The Long Goodbye

This is going to be a short post. The reason is my father died yesterday. He was eighty-four and finally succumbed from an illness that had been plaguing him for the last two years. He had a long and interesting life, and his last month had been difficult, to say the least, so his passing is a good thing. He’s not in pain any more.

I loved my father but he was a complex man. Far from soft and cuddly, he was disciplinarian who had mellowed somewhat in his later years. He lived by his own rules and didn’t care what others thought of him.

He was a contradiction in terms. He was both brilliant and ignorant, strong and weak, a family man and often the antithesis of what constituted family values. Growing up on the rough-and-tumble streets of Boston, he rooted for the Yankees and Montreal Canadians. His own father made him quit high school in order to go to work and yet he was smarter than many MBAs. He was a Navy man who spent time in the brink. He saved every penny he made and lived like a miser. He wanted me to go to college but gave me not a dime for tuition. He always claimed to be a teetotaler and looked down upon those who drank. ‘Allegedly’ he hadn’t had a drink in over forty years, and yet the first thing he asked for after coming home from the hospital was a gin martini with two olives. Go figure.

I’d come to terms with my father’s personality years ago and had forgiven him his many transgressions. He had many good sides to him and could be charismatic and warm when he wanted to. It made life easier for me to forgive and move on, especially during his last years. One thing that made him proud was to see his son become a published author. My mother, who passed away many years ago, was a big reader. Later in his life, my father had become a voracious reader of fiction, as well. He was proud that I was a writer, but always asking about the money end of it. “You make any money on that book?” he would always ask. In many ways, he equated literary success with monetary gains.

I hope he’s in a better place. Never a religious man, he allowed a chaplain to visit him in his final days. He prayed with his girlfriend, who was there with him to the very end.

My father died yesterday and that’s all I got for this blog. No need for condolences, as I know many of you are kind and caring people. Rather, if you’re so inclined, please say a quick prayer for the complex man who raised me.


About joesouza

I am a writer of crime novels
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13 Responses to The Long Goodbye

  1. mecharacter says:

    No matter how prickly they are, we still love them. So sorry for your loss, Joe.

  2. I too, am sorry for your loss, Joe.

  3. L.C. Rooney says:

    The parent-child relationship is often complex. The effects are lifelong, and some of us fare better than others. I am glad you came to terms with your relationship long before this loss, for it is still a loss. You are in the thoughts and prayers of many of your fellows today, Joe.

  4. Julianne Spreng says:

    Sounds like a lot of adults and parents from his era. Contradictions deluxe. My mum is similar in many ways. All you can do is exactly what you did…come to terms with those contradictions and continue to live your life for yourself. Hugs and understanding from me.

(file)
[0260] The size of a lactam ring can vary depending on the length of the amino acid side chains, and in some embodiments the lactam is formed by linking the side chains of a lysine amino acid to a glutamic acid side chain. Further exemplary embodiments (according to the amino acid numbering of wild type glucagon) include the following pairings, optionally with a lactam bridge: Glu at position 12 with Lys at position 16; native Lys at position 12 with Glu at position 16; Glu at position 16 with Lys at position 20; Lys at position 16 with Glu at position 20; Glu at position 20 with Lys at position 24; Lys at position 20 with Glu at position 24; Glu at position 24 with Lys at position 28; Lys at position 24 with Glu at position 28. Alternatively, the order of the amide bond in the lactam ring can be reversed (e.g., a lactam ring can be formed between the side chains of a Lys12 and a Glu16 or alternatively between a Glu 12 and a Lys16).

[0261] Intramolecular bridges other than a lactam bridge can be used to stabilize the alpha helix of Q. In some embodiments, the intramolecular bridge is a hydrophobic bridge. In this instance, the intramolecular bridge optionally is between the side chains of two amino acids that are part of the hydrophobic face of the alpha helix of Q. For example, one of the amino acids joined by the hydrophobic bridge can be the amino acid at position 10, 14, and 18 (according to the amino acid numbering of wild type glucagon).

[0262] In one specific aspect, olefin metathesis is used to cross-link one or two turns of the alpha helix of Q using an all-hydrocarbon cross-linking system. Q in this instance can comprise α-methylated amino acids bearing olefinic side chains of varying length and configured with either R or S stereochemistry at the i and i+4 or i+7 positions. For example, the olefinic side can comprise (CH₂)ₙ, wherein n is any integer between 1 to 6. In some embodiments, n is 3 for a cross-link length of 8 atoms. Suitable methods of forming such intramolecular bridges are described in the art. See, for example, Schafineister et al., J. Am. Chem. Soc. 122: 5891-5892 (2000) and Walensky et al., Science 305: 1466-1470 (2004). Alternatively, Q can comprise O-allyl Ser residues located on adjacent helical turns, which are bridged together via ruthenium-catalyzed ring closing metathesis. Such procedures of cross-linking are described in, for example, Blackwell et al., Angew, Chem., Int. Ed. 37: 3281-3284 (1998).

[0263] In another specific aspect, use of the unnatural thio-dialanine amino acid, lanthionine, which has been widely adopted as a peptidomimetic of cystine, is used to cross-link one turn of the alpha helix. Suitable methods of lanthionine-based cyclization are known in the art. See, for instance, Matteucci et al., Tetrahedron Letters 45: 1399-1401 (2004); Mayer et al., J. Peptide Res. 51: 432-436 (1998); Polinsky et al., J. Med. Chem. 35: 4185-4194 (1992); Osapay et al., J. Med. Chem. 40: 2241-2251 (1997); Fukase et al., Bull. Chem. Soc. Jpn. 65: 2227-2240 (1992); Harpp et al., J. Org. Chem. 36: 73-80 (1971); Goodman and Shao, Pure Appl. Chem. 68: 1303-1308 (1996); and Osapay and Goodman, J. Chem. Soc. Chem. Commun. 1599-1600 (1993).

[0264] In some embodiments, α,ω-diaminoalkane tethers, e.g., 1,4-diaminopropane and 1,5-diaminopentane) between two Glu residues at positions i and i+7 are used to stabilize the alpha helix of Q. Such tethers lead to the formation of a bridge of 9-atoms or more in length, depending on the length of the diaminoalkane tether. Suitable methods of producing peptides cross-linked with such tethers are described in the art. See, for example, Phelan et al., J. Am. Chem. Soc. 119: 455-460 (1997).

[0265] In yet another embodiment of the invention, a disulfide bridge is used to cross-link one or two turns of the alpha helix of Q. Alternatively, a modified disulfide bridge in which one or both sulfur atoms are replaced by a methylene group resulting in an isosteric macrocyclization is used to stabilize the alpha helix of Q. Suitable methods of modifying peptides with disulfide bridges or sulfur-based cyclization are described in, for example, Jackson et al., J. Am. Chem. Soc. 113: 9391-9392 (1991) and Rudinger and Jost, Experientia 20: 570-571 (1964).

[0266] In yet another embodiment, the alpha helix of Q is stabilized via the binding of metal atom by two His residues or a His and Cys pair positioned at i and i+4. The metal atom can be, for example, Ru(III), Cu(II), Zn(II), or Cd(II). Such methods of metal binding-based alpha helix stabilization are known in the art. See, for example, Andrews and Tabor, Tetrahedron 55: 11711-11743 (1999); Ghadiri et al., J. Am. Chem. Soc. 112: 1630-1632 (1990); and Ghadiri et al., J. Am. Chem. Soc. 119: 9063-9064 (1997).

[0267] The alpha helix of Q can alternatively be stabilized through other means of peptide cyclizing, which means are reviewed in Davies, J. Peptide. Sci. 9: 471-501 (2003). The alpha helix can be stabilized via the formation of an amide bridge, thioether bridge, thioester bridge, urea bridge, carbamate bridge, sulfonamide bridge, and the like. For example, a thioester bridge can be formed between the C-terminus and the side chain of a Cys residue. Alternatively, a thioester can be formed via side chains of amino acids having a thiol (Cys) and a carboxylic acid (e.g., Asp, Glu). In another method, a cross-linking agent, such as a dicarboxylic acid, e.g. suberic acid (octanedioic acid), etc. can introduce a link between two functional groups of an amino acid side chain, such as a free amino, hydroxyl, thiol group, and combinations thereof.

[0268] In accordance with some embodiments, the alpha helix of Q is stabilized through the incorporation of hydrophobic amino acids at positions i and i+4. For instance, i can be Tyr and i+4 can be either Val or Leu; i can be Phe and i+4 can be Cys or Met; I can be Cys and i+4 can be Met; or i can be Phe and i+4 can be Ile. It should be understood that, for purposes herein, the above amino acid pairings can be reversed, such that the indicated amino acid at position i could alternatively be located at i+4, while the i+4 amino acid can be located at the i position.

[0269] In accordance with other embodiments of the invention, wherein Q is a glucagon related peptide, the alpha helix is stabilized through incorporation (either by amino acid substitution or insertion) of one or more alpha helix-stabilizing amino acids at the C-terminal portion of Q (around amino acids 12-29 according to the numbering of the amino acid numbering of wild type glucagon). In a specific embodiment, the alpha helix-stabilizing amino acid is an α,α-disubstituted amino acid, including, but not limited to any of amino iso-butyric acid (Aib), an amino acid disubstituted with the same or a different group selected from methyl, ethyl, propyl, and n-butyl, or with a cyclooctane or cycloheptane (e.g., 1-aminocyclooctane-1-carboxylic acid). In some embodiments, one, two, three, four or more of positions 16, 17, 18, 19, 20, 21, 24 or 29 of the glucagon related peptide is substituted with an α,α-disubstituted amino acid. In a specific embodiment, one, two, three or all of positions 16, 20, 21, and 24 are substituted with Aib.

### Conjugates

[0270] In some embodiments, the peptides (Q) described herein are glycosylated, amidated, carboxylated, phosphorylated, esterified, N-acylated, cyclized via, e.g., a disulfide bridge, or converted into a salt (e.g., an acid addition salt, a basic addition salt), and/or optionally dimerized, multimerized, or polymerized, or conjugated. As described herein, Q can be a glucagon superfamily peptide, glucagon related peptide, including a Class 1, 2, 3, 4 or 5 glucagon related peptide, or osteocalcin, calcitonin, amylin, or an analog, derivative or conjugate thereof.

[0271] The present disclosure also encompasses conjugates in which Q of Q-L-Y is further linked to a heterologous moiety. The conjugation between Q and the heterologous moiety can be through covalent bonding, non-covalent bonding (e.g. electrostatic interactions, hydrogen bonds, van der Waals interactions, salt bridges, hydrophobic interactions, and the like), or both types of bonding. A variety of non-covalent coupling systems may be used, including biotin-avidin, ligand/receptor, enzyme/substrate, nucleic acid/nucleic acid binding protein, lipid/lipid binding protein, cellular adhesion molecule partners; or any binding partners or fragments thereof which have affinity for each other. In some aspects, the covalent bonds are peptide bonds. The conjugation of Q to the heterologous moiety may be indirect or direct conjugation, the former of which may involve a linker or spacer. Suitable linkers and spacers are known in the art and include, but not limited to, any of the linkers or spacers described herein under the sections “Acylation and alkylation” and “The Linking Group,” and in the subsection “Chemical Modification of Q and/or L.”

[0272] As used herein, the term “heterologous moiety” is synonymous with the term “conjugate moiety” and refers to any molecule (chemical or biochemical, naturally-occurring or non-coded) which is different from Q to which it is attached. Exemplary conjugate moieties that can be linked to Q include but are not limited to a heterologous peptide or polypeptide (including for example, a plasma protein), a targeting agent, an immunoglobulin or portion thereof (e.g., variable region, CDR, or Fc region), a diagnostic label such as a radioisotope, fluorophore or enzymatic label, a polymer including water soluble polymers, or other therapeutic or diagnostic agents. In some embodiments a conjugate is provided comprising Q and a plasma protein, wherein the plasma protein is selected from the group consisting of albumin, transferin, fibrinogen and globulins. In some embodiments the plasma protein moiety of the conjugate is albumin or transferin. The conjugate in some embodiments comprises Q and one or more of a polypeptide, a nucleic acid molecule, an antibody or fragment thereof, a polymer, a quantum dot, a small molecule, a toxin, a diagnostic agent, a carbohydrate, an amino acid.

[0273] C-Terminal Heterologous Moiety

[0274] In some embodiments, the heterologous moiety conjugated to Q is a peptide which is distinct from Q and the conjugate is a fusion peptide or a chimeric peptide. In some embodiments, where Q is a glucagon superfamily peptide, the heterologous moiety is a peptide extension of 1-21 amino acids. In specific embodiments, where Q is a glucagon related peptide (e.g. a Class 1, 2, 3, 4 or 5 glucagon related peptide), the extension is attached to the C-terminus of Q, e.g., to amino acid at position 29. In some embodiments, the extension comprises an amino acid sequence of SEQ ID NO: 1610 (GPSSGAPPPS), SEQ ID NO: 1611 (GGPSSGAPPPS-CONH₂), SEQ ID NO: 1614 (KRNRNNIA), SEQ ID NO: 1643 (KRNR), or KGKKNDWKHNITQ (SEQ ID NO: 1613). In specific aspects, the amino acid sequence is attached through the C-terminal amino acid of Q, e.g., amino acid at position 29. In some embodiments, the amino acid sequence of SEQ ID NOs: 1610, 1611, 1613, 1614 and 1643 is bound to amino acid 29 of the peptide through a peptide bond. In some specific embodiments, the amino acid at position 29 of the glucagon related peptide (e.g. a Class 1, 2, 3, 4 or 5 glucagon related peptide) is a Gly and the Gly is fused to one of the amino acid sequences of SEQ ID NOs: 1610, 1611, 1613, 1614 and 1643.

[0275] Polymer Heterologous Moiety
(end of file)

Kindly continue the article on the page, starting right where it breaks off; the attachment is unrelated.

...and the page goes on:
5. John Greco says:

    My sincere condolences, Joe. May he rest in peace.

  6. kaitcarson says:

    Hugs, Joe, and prayers for you, your family, and your father. It is always difficult to lose a parent, and best to remember that they did the best they could with the tools they had, as we do with ours, but it may not be what’s needed.

  7. maggierobinsonwriter says:

    This was very moving, and a reminder that none of us are perfect. To accept the imperfections as you have shows grace and wisdom.

  8. John Clark says:

    Had a similar end of the road relationship with my father.

  9. Bill Carito says:

    Sorry for your loss, Joe. Parents and children, always complex.

  10. Julie Mills says:

    I get it. My father in law, complex, argumentative, downright nasty at times, died 6 weeks ago. My mother in law, with whom he had a most prickly 72 year marriage, and for whom complex doesn’t come close, followed him 3 weeks later. I’m sure there was no need to part the pearly gates as she most likely stormed then, under a full head of steam, wielding a cast iron frying pan, leaving a grand finale of profanities in her wake. I get it, Joe. We will miss them, won’t we?

  11. Christine Bresnahan says:

    Hey, cousin! Your dad was definitely his own person— I remember so many family moments as a kid in Quincy, and visiting him at the barber shop in Newton later in life! My mom loved to go toe to toe with him— neither of them would yield a single point. The Irish Catholics weren’t always very kind to that Portuguese upstart, but after we lost your mom ( so tragically young) your dad still showed up for any family gathering or funeral…often wearing a very cool hat! I’ll say a prayer for gruff, tricky, complex Uncle Joe, but also for you, my man…without him, we wouldn’t have brilliant you and your wonderful family. Sorry for your loss— I’m feeling it, too.

  12. MICHAEL SHEA says:

    Joe sorry to hear about the passing of your dad, I have great memories of the beach wagon rides to hoop games and little league with a big old cigar in your dad’s mouth, a much more simpler time, our fathers were very similar they were our parents not our friends growing up, later in life I hope you had a friendship like I do with my dad, he is still going and will be 84 in January. PJ directed me to this blog I wish you luck in your endeavors

    Michael Shea

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